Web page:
Feathers ruffled over urban chickens in South Stormont

Image of Shawna O'Neill
By Shawna O'Neill
Feathers ruffled over urban chickens in South Stormont
Stock photo of chickens.

LONG SAULT, Ontario – The allowance of urban chickens or backyard hens was a hot topic of discussion during the South Stormont Public Meeting on Wednesday, Sept. 18, where approx. 100 community members attended to discuss local zoning by-law concerns.

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“Urban chickens or backyard hens are becoming popular among those who want to keep them for pets, therapy purposes, eggs, etc. The keeping of livestock in any residential zone is currently prohibited in the zoning by-law – this includes chickens. (The) Township has received many requests each year to consider allowing chickens to be kept in residential zones/urban areas. Many municipalities throughout Ontario have allowed chickens in urban areas, either as a permitted use or through limited pilot programs,” read a Township statement, preceding a public discussion.

Jesse McPhail, Community Planner, added that Council was also considering potential impacts of noise, odor and aesthetics concerning chickens. He discussed the potential of a backyard hen pilot program, usually including common restrictions such as two to five chickens, no roosters, mandatory requirements for coop enclosures and rodent proofing. Currently, chickens are permitted everywhere except residential zones in the municipality.

“We did receive one comment against having chickens in residential areas and villages, and they cited issues to do with noise…as well as smells…(Council doesn’t) really have any concrete suggestions at this point…now we are looking at the community to see if there is an appetite for this,” said McPhail.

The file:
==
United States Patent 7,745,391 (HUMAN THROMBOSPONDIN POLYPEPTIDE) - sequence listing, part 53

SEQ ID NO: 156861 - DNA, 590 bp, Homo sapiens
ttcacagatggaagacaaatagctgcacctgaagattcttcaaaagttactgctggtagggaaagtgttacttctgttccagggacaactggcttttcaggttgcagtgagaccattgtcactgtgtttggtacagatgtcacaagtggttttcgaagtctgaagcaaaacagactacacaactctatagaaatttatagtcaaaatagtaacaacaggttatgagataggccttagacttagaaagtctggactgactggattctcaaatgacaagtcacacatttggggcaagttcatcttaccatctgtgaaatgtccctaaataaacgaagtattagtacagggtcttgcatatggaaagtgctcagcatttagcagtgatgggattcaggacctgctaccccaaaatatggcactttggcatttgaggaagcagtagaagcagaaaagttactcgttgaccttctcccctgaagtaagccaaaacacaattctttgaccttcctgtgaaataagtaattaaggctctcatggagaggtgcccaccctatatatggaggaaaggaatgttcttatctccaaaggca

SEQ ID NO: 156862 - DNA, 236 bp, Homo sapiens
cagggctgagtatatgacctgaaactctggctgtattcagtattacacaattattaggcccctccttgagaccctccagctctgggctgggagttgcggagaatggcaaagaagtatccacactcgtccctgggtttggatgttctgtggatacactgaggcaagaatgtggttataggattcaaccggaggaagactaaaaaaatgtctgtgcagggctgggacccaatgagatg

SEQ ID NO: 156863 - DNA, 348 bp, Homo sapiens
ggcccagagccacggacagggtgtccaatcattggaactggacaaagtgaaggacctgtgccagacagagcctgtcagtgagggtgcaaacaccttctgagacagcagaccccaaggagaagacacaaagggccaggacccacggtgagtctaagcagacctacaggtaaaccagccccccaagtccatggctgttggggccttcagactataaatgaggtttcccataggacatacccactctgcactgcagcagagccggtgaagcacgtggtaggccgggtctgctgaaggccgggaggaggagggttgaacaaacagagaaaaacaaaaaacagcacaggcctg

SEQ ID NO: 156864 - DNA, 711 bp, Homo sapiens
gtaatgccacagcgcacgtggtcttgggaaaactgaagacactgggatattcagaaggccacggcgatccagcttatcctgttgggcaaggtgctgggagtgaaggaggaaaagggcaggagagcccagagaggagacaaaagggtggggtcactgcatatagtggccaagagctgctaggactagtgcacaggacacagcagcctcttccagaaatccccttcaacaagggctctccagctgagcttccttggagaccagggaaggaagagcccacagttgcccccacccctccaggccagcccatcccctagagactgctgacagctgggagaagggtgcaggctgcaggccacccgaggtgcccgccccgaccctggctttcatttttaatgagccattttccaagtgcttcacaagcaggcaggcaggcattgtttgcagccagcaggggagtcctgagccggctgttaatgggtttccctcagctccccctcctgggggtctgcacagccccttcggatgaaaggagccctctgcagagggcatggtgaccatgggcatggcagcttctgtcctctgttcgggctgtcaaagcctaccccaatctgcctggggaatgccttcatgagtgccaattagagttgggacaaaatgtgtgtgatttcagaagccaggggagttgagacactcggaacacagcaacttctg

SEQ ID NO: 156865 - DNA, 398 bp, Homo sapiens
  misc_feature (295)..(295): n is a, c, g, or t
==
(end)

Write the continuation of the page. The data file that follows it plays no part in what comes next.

Residents were divided on the topic, many thinking a pilot project would lay an egg while others shared positive experiences of owning chickens.

“I’m sorry, I have my own livestock, and chickens belong in the country…maybe out in the country if they have a half acre lot away from people, fine, but in the community, its going to bring in fox, raccoons, skunks. You’re going to have a bigger problem bringing these chickens into an urban area than just the neighbours being pissed off because it stinks,” said resident Chris Edgar.

Many residents like Lynn White questioned the results of pilot projects in other municipalities, as well as the exact definition of urban and rural in the context of the by-law.

“I don’t see anything against this…I don’t see any reason why not if you’re as clean as I am. It’s a good experience for kids,” said resident Vanessa Stabler, who discussed many benefits of having chickens, including children spending less time on electronics and more time outdoors, educating themselves on animal care.

Similarly, Stacey and Stephane Grondin shared their positive experience owning chickens, including a reliable, holistic food source (eggs), community bonding and fun for children.

“Only good has come from this,” said Stacey Grondin.

“I dealt with this issue. Of different people I have talked to…nobody approves of it. The other thing is, it would make a lot of people upset if this was passed…I’ve heard people say, it’s residential area, it’s not farmland…people say to me, lower our taxes if it’s going to be farmland…a lot of people are upset about this,” said resident Brent Cameron.

Council will discuss the topic and draw conclusions as to urban chicken by-laws at a later date.

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